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Avatar Special Edition (3D)


Stars: Sam Huntingdon, Zoe Saldana, Stephen Lang, Sigourney Weaver, Michelle Rodriguez, Giovanni Ribisi, CCH Pounder, Wes Studi

Director: James Cameron

Cameron's wondrous sci-fi adventure movie returns with an additional eight minutes of footage involving extended action scenes and creatures not seen before. It is, says the director, more of a 'fans' cut' than a director's cut.

Everywhere you look, there are marvels to behold in Cameron's wonder-filled, action-packed saga of strife on a faraway planet's moon some time in the distant future. You can't take your gaze off the screen for a second for fear of missing some new marvel, as amazing plants, insects and animals spring to life before your eyes.

The plot is pure Dances With Dragons as, on the moon Pandora, the US military seeks to move a local tribe - blue-skinned humanoids, with tails, blunt noses, big yellow eyes and pointy ears - to another part of the forest, as they happen to be sitting on a massive supply of a rare mineral, Unobtainium (the name is one of the film's rare clunky missteps) that can help alleviate Earth's energy crisis.

Gung-ho colonel Quaritch (fiercely played by Lang) is all for blasting the critters off the face of the planet, but lead scientist Weaver persuades him to give diplomacy a try. Because the atmosphere is toxic, the scientists have devised a method whereby Americans can sleep and become native Na'vi, or avatars of themselves - or, as the Na'vi put it, alien dreamwalkers. Latest volunteer is ex-Marine Jake (Huntingdon), who has been disabled in battle and lost the use of his legs.

Jake is much taken with the wonders of the Pandoran rainforest (where he can walk) - shimmering plants that shrink to nothing at a touch; rhino-like beasts with horizontal battering rams for tusks; a swarm of purple dragonets; 'hanging mountains'; and bird-like dragons that can only be ridden by one owner. Less impressed with him is Neytiri (Saldana), the local chieftain's daughter, who reluctantly agrees to school him in the ways of the jungle, much like a blue Tarzan.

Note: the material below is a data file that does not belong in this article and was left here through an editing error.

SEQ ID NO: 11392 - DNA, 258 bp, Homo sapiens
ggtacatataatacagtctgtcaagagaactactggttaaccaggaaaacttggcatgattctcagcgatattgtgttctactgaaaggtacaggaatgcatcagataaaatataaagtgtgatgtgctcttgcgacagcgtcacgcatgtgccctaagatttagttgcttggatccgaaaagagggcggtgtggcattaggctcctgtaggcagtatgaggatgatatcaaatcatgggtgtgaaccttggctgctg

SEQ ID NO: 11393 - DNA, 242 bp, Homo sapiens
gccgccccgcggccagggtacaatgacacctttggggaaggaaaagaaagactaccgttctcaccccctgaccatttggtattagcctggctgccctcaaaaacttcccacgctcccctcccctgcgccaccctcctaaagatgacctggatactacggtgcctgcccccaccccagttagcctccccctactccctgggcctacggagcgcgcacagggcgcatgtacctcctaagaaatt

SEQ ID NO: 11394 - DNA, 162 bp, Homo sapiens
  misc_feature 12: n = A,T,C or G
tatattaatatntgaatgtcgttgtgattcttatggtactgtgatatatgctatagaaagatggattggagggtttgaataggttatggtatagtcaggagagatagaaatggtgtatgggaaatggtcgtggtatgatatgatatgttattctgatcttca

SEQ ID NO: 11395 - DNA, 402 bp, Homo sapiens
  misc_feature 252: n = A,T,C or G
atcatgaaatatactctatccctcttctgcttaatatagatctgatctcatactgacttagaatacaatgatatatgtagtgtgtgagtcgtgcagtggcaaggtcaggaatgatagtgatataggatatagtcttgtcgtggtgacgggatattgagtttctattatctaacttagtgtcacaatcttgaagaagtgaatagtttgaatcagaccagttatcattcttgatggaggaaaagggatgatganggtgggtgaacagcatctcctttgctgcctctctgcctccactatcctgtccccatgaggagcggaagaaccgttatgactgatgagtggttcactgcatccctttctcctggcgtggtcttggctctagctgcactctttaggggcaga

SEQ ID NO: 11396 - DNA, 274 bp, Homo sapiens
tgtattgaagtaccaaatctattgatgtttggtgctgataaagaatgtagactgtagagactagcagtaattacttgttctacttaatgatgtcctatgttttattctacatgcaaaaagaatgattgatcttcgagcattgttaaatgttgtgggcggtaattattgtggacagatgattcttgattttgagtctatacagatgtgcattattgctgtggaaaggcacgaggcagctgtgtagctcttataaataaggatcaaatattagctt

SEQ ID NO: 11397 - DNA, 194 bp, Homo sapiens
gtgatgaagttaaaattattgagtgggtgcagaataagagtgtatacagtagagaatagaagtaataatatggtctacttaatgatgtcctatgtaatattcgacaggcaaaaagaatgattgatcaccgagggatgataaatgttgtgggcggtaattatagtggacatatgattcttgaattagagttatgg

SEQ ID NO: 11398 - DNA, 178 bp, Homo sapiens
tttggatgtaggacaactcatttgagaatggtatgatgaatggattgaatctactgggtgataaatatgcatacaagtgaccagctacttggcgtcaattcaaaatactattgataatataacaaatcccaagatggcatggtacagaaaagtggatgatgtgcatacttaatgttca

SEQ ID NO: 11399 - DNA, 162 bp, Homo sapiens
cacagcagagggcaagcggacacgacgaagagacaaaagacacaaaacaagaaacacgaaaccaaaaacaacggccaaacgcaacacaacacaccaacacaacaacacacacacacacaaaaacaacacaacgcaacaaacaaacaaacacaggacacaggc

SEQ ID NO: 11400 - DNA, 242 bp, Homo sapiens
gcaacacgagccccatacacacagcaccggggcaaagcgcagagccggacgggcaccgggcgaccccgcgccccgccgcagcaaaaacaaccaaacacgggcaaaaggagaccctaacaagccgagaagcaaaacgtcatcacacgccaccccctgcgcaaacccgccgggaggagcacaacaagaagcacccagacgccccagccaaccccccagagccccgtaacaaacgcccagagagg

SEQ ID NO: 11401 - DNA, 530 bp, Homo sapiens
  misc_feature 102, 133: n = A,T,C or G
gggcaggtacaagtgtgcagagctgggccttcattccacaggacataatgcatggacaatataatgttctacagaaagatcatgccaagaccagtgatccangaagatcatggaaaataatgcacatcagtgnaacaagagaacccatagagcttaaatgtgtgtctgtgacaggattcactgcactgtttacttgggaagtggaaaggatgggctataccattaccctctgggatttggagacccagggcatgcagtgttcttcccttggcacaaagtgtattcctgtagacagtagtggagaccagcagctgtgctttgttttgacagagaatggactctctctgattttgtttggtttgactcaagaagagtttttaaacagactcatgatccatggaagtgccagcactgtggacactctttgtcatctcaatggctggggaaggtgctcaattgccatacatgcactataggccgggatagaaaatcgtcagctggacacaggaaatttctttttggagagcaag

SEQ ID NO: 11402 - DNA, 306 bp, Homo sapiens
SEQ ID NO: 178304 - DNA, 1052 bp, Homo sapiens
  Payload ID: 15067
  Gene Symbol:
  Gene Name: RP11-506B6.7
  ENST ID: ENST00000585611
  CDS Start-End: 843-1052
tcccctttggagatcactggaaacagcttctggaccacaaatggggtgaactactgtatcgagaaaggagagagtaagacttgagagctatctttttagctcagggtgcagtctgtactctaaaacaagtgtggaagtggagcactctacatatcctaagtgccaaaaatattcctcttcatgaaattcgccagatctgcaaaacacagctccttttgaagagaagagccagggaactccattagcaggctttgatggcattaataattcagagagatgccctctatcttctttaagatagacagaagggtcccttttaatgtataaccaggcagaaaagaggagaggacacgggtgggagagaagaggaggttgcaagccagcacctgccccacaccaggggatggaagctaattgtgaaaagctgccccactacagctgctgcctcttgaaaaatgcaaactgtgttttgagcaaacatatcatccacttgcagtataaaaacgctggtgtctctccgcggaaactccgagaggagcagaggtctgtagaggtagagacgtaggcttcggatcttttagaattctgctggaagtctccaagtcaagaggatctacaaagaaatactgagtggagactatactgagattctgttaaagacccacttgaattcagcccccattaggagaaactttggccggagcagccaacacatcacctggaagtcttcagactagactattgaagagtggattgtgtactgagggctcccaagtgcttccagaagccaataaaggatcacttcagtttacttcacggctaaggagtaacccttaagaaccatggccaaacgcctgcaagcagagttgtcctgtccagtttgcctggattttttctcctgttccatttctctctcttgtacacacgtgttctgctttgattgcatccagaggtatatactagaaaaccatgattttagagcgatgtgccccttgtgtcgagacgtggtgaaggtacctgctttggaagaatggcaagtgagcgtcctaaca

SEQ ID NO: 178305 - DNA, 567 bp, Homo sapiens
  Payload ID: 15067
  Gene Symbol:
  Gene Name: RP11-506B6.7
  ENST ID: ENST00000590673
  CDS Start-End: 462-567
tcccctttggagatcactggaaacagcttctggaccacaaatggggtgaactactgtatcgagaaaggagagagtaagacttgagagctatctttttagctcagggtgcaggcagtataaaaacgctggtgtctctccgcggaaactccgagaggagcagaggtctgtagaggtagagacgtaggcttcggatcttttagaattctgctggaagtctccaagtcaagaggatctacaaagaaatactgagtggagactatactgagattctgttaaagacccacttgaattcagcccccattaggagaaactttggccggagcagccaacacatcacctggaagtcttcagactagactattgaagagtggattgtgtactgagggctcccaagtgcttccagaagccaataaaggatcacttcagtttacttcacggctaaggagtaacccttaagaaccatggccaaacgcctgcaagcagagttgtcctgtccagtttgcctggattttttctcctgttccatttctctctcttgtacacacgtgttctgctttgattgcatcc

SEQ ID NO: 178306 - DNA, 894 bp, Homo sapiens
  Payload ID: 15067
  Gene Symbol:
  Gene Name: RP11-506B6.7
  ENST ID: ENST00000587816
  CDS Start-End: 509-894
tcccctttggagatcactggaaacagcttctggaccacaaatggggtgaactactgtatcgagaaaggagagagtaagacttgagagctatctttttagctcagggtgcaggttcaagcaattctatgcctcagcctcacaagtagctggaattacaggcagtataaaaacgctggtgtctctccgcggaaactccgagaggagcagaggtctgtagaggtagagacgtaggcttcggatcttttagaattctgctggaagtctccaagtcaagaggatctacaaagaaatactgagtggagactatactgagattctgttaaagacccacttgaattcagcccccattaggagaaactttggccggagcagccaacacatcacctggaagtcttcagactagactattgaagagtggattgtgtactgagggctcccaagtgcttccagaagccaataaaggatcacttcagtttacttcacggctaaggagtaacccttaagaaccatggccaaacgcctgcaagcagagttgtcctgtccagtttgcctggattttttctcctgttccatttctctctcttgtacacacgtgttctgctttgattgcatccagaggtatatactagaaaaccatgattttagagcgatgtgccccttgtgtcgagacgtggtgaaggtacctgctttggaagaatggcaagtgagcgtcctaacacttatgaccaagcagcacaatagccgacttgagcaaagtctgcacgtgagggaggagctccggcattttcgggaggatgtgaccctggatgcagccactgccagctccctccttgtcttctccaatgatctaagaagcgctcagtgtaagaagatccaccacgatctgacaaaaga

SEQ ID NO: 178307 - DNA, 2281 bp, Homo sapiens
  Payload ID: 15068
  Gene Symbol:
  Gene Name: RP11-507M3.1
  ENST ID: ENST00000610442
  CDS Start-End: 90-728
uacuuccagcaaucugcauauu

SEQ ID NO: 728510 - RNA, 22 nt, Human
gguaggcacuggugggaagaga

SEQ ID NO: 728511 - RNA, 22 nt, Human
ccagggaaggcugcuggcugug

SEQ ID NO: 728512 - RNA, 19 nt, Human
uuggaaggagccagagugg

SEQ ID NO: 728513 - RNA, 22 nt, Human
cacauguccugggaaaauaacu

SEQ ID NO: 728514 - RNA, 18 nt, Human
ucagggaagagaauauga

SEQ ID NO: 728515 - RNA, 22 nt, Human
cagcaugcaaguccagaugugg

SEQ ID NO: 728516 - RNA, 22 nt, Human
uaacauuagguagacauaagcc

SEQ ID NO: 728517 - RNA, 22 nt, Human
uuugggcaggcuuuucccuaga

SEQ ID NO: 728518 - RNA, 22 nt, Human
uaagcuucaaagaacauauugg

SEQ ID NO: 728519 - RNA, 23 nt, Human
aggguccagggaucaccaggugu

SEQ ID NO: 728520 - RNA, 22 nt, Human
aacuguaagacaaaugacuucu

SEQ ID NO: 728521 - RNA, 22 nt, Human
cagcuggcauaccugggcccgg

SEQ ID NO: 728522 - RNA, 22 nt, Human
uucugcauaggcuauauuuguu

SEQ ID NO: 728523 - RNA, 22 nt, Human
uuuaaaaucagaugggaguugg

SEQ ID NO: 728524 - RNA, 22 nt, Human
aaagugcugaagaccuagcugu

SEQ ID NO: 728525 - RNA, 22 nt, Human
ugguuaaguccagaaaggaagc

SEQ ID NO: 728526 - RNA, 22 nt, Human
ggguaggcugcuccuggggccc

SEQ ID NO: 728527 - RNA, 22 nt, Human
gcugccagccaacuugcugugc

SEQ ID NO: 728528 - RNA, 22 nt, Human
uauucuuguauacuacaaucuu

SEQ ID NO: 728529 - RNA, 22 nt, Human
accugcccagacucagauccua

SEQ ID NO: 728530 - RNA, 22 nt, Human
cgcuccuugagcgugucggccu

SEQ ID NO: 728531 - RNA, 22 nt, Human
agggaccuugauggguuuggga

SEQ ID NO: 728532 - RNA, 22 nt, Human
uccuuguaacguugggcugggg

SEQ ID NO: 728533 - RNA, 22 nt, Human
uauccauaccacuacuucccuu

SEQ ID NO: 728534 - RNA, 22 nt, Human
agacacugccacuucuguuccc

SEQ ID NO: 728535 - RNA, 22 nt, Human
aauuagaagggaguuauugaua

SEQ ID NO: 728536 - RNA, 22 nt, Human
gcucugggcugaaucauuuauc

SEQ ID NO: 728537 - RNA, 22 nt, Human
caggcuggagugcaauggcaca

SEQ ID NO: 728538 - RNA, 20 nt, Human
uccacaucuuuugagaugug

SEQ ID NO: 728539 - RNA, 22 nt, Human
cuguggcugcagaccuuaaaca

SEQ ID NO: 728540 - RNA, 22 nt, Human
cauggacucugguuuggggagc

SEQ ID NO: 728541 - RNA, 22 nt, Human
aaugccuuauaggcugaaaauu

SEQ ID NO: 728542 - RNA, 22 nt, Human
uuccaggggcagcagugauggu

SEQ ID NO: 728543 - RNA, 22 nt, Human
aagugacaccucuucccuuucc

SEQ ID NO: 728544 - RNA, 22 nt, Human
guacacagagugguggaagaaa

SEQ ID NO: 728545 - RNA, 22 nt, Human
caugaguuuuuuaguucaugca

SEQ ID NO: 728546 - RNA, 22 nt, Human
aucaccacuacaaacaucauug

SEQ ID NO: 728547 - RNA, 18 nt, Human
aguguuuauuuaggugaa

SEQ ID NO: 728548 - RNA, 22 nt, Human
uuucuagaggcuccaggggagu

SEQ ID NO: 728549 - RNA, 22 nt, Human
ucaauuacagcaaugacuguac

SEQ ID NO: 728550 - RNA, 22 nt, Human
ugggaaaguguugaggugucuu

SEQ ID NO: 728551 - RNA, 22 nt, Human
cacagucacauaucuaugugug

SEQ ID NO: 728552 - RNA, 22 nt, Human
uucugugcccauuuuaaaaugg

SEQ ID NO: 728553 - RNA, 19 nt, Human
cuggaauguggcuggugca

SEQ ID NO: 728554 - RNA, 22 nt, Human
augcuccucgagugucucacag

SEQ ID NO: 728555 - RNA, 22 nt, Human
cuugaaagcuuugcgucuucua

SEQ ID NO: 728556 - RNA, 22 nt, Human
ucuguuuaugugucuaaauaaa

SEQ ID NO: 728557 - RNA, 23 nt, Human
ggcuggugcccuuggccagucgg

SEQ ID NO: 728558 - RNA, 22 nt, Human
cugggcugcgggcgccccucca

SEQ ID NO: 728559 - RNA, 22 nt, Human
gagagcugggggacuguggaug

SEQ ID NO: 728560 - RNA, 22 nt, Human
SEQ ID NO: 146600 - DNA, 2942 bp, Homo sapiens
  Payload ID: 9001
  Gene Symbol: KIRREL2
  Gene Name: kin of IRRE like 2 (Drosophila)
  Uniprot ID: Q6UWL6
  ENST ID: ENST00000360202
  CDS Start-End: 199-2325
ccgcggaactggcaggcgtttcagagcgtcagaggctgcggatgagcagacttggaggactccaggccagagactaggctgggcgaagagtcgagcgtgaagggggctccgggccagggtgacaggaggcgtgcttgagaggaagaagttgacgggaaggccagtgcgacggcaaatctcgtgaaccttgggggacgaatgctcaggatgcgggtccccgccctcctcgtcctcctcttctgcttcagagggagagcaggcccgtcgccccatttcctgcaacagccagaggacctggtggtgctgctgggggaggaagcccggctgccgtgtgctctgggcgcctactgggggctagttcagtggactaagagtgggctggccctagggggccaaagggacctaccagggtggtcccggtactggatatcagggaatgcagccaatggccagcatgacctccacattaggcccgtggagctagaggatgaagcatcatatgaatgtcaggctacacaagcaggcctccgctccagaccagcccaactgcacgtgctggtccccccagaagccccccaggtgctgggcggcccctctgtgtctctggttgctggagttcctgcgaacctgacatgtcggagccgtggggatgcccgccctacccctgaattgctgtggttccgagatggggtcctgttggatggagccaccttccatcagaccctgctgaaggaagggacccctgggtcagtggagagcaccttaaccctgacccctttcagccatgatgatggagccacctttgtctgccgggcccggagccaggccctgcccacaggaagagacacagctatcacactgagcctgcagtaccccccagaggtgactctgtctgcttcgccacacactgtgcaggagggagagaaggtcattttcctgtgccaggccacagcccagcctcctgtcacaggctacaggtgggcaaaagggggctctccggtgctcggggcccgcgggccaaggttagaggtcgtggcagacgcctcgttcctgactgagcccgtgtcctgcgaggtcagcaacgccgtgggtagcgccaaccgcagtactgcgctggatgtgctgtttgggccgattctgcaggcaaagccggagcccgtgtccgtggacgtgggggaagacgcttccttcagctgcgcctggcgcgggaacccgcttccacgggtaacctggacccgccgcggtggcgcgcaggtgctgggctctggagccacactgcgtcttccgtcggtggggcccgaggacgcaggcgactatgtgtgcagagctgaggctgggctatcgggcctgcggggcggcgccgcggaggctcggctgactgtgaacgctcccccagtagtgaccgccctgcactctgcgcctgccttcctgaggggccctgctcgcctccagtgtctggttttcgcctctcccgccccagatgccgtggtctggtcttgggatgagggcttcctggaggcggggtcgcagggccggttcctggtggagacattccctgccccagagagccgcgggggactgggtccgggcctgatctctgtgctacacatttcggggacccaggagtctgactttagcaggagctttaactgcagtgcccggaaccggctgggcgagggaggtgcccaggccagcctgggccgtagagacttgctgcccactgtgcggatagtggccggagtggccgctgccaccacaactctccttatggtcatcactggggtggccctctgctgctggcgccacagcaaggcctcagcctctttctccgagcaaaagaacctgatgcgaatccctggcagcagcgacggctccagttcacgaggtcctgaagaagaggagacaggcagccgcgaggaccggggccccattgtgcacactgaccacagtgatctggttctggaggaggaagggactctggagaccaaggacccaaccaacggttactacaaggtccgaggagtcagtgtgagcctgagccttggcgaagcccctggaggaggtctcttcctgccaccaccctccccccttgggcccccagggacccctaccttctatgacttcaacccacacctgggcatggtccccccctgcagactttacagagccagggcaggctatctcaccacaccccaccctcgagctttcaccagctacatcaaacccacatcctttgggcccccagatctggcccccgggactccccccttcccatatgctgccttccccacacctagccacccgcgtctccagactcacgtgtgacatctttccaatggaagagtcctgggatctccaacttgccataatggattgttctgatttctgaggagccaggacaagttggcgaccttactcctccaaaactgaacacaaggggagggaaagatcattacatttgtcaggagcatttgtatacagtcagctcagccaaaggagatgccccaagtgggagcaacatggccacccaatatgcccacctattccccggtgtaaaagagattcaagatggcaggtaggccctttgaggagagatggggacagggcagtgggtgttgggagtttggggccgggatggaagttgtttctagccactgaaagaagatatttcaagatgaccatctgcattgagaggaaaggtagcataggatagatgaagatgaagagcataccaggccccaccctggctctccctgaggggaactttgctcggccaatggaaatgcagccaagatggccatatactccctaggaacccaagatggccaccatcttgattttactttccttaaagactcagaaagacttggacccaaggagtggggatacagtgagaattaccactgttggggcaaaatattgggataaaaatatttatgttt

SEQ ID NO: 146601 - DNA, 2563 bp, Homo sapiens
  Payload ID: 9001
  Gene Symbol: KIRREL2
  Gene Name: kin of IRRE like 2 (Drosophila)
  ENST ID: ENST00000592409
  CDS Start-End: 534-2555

Despite the hostility of her brother (Laz Alonso), Jake inevitably becomes drawn to the tribe and their way of worship. His mission is to win their confidence and persuade them to move on, but Quaritch gives him little time before moving into action with heavily-armed roto-tilt aircraft and exeskeletal fighting suits.

It's cowboys and Indians in sci-fi form, of course, but then the Indians didn't have dragons to ride on. Hugely imaginative, the sheer scale and spectacle of all this takes the breath away, up to the prolonged final battle, with Quaritch exo-suited up as a kind of Terminator. Cameron deserves much praise for conceiving the idea and bringing it to fruition with a mixture of live-action and animation based on the movements of the actors. The quieter moments are on the whole of lesser quality, but they're not what this film is about. Aficionados of fantasy novels will love this new version even more than the original.

David Quinlan

USA 2009. UK Distributor: 20th Century Fox. Colour by deluxe.
171 minutes. Widescreen. UK certificate: 12A.

Guidance ratings (out of 3): Sex/nudity 1, Violence/Horror 1, Drugs 0, Swearing 0.

Review date: 21 Aug 2010